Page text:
You can find some sensory vocabulary lists (here) .  These are very useful as a way of helping your child to choose the right words to describe a food.A fun way to kick start the use of sensory vocabulary is to play the game where you have to describe a food to others without mentioning it’s name. You could even challenge them not to mention colour or shape. and rely on textures, flavours and aromas instead. For example. This food is crackly, salty and light as a feather. It does not grow on land, it is not an animal.   Can you guess what it is? Guesses welcome in the comments below.
  3. Remember that children have a different palette to ours.

    Some children are very sensitive to strong flavours and literally can’t handle the sensory overload.

    The ‘talk about it’ tip above will help you to understand what it is that they struggle with exactly and you can then work on introducing flavours and textures that start very mild and build up.
    Remember that your child’s palette will change over time so give them plenty of
    non-confrontational opportunities to try a tiny taste of something new, they may surprise themselves. An example of this might be curry. I always serve a bowl of natural yogurt with curry and my children help themselves to as much or as little as they need and stir it into their curry to reduce the spiciness of the curry. In my opinion the curry is not that spicy to start with, but to their taste buds it is.

     

  4. Allow your child to eat with more than just their mouth – never underestimate the novelty factor! 

    wonky vegetables presentation of food fun meal fussy eaterThe saying is true, we do eat with our eyes, even as adults. So it is useful to remember that it may be down to something as simple as the appearance that prevents your child from even trying a food. Once in a while (not at every single meal) have a bit of fun with appearance – make a picture on the plate with food- get your child to join in.

    There are loads of lovely ideas here that I’ve collected together on a Pinterest board for you to see. 

    Another lovely idea to try is allowing your child to have a special plate  – one that they have chosen themselves. Jane Fox of Created 4 U (a pottery painting shop and personalised online pottery service) says;

    I find when kids paint a personalised plate they are happy to eat off it all the time. My customer mums tell me all the time – if they’d realised a plate which the child painted with their name on made them happily eat pretty much anything, they would have come to the studio sooner

    In fact Jane and I are running a competition to win a plate that has been personalised with your child’s own drawing. You can enter here.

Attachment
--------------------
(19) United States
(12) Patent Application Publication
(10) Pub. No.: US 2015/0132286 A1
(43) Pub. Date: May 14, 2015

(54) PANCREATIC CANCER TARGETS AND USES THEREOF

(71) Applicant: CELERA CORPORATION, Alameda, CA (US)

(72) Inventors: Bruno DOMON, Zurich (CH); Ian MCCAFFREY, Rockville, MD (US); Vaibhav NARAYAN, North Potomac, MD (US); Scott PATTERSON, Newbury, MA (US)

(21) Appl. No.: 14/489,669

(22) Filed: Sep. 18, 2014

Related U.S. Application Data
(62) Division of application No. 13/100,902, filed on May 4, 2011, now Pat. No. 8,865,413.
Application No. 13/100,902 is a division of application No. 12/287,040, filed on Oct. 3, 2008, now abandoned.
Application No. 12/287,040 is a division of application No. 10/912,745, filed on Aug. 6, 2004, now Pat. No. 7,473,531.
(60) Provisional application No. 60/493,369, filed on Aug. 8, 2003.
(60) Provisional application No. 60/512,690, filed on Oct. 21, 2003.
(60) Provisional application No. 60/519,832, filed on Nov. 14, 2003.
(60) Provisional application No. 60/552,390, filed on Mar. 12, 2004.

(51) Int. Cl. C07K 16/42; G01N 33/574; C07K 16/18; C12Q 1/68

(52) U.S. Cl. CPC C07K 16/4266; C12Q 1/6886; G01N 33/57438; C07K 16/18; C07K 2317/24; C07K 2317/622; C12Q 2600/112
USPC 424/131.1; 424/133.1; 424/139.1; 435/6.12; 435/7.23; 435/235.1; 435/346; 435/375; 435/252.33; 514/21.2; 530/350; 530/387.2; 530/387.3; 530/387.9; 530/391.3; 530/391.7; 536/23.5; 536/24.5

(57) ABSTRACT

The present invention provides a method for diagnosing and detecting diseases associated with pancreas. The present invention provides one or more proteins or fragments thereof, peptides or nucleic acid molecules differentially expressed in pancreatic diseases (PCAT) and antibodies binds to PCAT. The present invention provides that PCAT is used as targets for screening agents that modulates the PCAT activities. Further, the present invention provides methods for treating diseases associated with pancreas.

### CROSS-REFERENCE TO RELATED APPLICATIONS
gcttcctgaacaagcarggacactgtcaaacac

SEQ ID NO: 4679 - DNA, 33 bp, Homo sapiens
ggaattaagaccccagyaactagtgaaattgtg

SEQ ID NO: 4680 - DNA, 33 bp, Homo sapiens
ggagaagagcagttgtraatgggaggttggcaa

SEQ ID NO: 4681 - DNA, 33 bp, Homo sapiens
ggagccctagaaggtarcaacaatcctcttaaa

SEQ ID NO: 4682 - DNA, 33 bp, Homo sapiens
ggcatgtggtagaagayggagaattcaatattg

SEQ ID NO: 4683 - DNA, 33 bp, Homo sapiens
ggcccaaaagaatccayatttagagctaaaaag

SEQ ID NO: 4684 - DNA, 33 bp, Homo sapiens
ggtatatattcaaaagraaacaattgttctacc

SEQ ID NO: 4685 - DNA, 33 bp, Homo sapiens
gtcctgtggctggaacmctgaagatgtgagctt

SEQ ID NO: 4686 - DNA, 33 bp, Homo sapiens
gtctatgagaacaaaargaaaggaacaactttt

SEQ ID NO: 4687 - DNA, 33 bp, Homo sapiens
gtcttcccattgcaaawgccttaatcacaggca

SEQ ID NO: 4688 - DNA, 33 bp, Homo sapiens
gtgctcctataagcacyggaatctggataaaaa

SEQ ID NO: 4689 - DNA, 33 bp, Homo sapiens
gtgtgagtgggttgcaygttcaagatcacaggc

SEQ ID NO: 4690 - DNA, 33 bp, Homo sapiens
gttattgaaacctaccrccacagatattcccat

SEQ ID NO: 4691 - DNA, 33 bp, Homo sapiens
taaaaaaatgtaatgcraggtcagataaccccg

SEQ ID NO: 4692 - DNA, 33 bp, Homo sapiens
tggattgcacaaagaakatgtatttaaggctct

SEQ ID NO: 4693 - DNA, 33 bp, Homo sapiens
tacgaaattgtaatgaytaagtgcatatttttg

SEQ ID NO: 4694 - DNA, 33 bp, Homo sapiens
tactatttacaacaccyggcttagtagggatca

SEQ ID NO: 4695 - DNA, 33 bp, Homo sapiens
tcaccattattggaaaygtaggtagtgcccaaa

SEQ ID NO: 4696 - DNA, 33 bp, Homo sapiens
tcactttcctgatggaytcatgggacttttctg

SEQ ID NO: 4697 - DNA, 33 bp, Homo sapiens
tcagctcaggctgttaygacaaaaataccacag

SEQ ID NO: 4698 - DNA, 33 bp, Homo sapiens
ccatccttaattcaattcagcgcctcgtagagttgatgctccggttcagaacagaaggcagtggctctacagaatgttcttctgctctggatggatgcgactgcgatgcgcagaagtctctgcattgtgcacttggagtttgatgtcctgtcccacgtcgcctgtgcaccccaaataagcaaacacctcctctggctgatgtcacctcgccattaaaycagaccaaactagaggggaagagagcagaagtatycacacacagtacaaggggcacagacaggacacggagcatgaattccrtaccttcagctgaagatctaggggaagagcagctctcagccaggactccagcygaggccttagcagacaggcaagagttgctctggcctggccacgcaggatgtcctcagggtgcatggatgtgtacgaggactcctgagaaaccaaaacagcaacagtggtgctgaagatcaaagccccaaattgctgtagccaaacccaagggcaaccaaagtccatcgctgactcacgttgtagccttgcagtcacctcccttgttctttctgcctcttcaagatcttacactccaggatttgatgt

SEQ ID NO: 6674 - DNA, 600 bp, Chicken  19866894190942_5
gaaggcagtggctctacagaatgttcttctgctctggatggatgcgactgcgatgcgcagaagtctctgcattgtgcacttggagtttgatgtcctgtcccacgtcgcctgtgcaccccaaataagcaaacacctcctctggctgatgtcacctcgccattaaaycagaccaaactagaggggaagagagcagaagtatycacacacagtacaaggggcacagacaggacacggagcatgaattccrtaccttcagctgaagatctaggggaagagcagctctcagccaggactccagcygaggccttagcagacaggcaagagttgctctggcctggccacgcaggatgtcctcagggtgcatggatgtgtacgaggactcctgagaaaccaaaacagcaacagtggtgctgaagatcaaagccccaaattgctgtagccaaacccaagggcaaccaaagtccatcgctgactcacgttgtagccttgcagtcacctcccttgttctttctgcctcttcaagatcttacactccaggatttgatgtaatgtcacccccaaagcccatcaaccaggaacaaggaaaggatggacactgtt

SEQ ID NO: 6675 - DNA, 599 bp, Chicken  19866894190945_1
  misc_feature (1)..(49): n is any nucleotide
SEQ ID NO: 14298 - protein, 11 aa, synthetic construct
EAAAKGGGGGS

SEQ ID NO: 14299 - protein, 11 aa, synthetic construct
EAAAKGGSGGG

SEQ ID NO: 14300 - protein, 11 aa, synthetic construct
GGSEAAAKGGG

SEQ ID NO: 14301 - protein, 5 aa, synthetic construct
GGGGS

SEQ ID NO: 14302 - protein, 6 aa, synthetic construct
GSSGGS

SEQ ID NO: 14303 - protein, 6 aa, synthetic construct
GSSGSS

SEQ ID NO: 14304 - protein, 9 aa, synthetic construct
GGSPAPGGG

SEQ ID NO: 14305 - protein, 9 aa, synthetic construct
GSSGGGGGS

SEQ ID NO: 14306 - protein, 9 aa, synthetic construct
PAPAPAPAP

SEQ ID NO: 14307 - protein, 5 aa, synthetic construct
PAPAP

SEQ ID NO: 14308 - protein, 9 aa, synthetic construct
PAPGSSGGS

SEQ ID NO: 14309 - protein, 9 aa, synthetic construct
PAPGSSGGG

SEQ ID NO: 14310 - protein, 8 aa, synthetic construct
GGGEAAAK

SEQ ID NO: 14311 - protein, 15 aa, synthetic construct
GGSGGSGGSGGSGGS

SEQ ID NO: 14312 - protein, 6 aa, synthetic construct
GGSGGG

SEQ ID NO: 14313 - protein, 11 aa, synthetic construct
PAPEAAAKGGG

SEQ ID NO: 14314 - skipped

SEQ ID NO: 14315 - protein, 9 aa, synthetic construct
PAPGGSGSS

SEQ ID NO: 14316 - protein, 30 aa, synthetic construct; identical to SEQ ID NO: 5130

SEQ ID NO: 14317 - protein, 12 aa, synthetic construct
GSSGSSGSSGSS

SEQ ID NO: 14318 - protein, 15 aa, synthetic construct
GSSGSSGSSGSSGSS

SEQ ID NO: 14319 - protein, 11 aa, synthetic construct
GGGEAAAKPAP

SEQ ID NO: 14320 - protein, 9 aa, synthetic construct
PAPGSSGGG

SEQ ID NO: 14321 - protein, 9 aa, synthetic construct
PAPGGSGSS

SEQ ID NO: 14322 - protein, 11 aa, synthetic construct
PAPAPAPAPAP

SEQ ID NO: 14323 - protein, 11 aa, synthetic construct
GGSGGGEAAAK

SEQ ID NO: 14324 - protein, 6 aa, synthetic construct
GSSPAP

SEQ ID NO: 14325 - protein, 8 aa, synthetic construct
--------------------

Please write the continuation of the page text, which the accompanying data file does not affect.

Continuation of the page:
competition win healthy children fussy eater safety knife personalised plate win winner cookery eating family food parents children kids

  5. Get your child involved.
    DSC_0252Little chefs

    Get your child involved in the preparation. I have developed a kitchen helper checklist of age appropriate tasks if you’d like one, click herekitchen helper little toddler preschool child kids school age teenager chores help to cook how old list checklist age appropriate cooking learn to cook lessons mum family kids dad home help helper safe safely knife cut chop burn boil fry toast kettle

     

    As a cookery teacher of children of all ages, I have to say that simply preparing a meal for someone else has a massive effect on the fussy eater. I’ve lost count of the amount of times a parent of a fussy eater has said to me that since attending my cookery lessons their child has begun to relax around food and ask to try new foods – result!

    Family planning

    Look through recipe books together and talk about the foods. Get them to choose a few meals they would like to help make. Involve them in shopping for the food and preparing it. Give it a name – Tom’s fish pie.
    My children used to adore a game whereby they would write a menu for the meal I was preparing. They wrote place settings and seated ‘guests’ and took drinks orders. They would offer a choice of desserts and take orders for that as well. It was a way of them feeling that they had control over the meal, and it gave them some insight into what was coming.

    The onus of ‘will they eat it or won’t they’ was off and they could just enjoy the role play.

     

  6.  Remove the pressure – but don’t give up

    When your fussy eater senses that you are more relaxed about their food intake then they will relax too.
    Allow them a sense of control over food – let them serve themselves, choose ingredients, prepare them, experiment with them.
    Keep talking about food and building that dialogue using sensory vocabulary.
    Make a deal with yourself to back off a bit. Make all interactions with food as relaxed and fun as possible and encourage and celebrate trying foods but never pressurise or create a battle. 
     

    I hope that some of what I have said has inspired you to try something new at meal times. May this be the beginning of a family love affair with food and many enjoyable experiences for every member of the family.

    I have collected some resources for you to use including some sensory vocabulary flash cards that you can make use of. They can be found here 

Please do comment below with any tips or ideas you’d like to share with others.

Kitchen literacy (part 1)

Kitchen literacy (part 1)

Hi there!

I want to spend a few moments today considering the merits of the humble kitchen as a classroom. More specifically, today I am going to use literacy as a starting point.